Here at The Royal Economics Academy the Provost issues a warning to the faculty each semester. That warning reminds the faculty to consider the fact that exams are hazardous to the health of students' grandmothers.
The Provost's memo is grounded in solid research, published by Mike Adams of Eastern Connecticut State University in 1999. His paper The Dead Grandmother/Exam Syndrome is a classic in the literature. Furthermore, the faculty members I know confirm his results through their own experiences. With every exam that comes around, more grandmothers die.
Since academic freedom is a cornerstone of the charter that created The Royal Economics Academy, our Provost chooses not to dictate how faculty should respond to the dead grandmother/exam syndrome. Some of my colleagues have decided to stop giving exams altogether, thus saving the lives of hundreds of grandmothers around the world. Other faculty members put a requirement on their syllabi that makes students sign an oath promising to keep their enrollment at the academy a secret from their families. The problem with this approach is that sometimes family members get nosy, investigate the whereabouts of a student, and are shocked when they discover that Susie or Sam is in college.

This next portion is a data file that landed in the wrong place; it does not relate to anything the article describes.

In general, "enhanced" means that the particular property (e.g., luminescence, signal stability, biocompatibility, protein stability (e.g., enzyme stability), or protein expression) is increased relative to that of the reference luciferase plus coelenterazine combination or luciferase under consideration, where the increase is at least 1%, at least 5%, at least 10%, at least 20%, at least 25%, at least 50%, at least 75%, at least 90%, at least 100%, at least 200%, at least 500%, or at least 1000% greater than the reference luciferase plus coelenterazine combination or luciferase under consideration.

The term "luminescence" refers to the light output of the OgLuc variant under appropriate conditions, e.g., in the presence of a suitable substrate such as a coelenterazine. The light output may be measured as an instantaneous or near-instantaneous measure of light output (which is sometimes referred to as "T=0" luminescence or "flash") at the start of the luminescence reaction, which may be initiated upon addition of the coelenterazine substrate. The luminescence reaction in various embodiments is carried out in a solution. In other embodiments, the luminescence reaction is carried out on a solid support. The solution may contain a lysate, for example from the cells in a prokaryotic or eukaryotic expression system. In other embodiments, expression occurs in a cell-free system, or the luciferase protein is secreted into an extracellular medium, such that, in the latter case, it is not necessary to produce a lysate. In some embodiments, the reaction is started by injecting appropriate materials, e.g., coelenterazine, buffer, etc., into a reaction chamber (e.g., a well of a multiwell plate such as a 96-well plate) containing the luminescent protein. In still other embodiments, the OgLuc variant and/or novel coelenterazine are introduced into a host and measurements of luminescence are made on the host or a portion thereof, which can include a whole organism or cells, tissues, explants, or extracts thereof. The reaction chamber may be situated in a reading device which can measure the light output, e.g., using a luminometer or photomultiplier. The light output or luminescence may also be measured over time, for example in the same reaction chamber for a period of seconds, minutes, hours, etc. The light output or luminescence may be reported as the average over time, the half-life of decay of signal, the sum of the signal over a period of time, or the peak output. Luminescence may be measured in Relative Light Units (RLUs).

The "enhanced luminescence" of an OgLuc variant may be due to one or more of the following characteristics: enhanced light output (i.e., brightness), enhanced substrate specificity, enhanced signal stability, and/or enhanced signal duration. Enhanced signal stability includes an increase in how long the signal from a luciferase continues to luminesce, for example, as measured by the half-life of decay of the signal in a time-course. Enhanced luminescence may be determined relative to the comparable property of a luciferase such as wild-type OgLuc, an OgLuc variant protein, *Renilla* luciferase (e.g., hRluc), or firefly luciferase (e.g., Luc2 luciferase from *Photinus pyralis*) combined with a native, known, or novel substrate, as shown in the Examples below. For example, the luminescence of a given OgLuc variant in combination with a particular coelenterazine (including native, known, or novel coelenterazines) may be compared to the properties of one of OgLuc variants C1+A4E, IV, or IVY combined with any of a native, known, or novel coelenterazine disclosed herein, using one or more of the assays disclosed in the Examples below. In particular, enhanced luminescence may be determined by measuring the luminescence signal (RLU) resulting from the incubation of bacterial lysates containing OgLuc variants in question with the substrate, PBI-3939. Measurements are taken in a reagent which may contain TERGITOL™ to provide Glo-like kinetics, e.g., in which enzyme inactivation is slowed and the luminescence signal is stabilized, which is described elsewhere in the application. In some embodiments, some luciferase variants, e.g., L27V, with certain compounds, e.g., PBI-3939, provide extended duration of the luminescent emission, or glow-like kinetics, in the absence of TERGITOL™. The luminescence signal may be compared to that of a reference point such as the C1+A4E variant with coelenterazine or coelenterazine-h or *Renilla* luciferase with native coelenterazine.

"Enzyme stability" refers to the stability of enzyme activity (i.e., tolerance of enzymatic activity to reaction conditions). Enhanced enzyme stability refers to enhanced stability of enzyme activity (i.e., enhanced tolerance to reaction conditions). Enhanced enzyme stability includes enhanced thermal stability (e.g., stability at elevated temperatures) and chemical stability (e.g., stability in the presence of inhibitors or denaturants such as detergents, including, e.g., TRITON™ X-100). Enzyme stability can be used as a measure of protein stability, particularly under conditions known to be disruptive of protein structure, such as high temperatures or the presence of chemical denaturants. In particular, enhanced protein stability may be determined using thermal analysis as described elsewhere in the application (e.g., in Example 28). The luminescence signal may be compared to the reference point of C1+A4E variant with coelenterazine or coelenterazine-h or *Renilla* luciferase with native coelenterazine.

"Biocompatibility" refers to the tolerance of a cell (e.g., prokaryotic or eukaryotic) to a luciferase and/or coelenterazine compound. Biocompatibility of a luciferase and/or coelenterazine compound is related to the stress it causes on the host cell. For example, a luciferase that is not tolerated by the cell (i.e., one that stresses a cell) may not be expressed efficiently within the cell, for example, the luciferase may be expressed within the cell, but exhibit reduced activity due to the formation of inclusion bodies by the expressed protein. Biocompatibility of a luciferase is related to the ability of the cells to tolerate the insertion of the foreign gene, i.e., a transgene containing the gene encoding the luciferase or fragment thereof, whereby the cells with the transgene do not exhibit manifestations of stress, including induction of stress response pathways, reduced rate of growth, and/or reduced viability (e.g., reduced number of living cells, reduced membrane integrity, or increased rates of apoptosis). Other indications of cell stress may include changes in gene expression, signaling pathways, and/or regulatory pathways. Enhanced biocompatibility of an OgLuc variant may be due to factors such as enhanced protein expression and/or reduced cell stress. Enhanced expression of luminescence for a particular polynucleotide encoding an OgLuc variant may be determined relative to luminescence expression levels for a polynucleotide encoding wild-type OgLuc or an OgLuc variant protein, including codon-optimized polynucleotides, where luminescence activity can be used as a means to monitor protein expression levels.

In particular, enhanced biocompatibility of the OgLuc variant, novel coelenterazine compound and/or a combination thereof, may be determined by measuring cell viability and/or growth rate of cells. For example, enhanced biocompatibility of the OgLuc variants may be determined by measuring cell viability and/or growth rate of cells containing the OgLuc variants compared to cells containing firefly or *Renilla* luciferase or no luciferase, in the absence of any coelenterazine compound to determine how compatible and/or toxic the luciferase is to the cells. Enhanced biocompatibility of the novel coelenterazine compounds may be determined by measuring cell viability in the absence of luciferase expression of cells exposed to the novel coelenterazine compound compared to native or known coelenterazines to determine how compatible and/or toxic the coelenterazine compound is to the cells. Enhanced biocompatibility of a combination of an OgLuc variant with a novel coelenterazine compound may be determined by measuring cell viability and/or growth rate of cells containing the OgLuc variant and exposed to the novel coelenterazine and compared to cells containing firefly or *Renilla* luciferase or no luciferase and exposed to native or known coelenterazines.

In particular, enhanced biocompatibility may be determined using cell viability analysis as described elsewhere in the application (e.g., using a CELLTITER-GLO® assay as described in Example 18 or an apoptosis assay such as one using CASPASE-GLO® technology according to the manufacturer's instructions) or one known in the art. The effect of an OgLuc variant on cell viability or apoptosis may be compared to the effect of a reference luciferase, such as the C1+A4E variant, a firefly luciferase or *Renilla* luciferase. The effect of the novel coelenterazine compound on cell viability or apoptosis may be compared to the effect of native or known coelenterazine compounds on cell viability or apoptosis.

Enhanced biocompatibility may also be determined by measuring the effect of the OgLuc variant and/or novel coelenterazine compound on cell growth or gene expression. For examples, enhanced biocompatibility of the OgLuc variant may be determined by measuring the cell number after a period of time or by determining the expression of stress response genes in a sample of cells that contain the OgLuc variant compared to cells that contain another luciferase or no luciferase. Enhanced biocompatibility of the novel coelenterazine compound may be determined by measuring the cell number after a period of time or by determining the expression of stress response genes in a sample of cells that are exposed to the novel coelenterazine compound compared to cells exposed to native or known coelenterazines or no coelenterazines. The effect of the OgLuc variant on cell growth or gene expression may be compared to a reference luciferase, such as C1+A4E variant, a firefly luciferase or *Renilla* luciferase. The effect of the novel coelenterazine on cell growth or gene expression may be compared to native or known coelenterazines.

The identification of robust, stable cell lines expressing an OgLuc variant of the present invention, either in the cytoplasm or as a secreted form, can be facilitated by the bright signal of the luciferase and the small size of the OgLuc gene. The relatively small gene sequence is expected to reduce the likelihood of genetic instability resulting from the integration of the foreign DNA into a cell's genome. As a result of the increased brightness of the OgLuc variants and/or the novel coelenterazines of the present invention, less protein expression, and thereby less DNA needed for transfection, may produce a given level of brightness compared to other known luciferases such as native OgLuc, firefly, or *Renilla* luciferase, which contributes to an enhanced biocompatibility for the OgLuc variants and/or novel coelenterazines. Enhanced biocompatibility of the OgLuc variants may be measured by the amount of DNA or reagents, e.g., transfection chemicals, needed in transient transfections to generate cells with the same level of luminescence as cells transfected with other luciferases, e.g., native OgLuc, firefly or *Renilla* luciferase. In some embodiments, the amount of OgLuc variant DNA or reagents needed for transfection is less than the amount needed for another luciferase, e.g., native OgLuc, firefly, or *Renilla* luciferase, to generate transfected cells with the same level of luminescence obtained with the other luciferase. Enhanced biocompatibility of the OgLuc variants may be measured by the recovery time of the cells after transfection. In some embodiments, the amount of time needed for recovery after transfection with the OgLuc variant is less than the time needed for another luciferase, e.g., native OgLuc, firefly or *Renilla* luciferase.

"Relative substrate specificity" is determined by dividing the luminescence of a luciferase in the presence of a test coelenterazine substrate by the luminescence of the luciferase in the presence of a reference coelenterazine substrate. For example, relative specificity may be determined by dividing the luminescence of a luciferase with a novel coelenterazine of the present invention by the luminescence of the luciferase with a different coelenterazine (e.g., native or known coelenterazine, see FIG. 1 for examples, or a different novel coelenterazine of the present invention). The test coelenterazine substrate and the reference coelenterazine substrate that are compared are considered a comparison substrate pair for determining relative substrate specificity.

Economics instructors everywhere need to remember grandmothers as they schedule exams. Give as few exams as possible to keep the death toll among grandmothers down. In my experience, exams that contain math are especially deadly. Eliminate the math. The grandmothers of the world will thank you.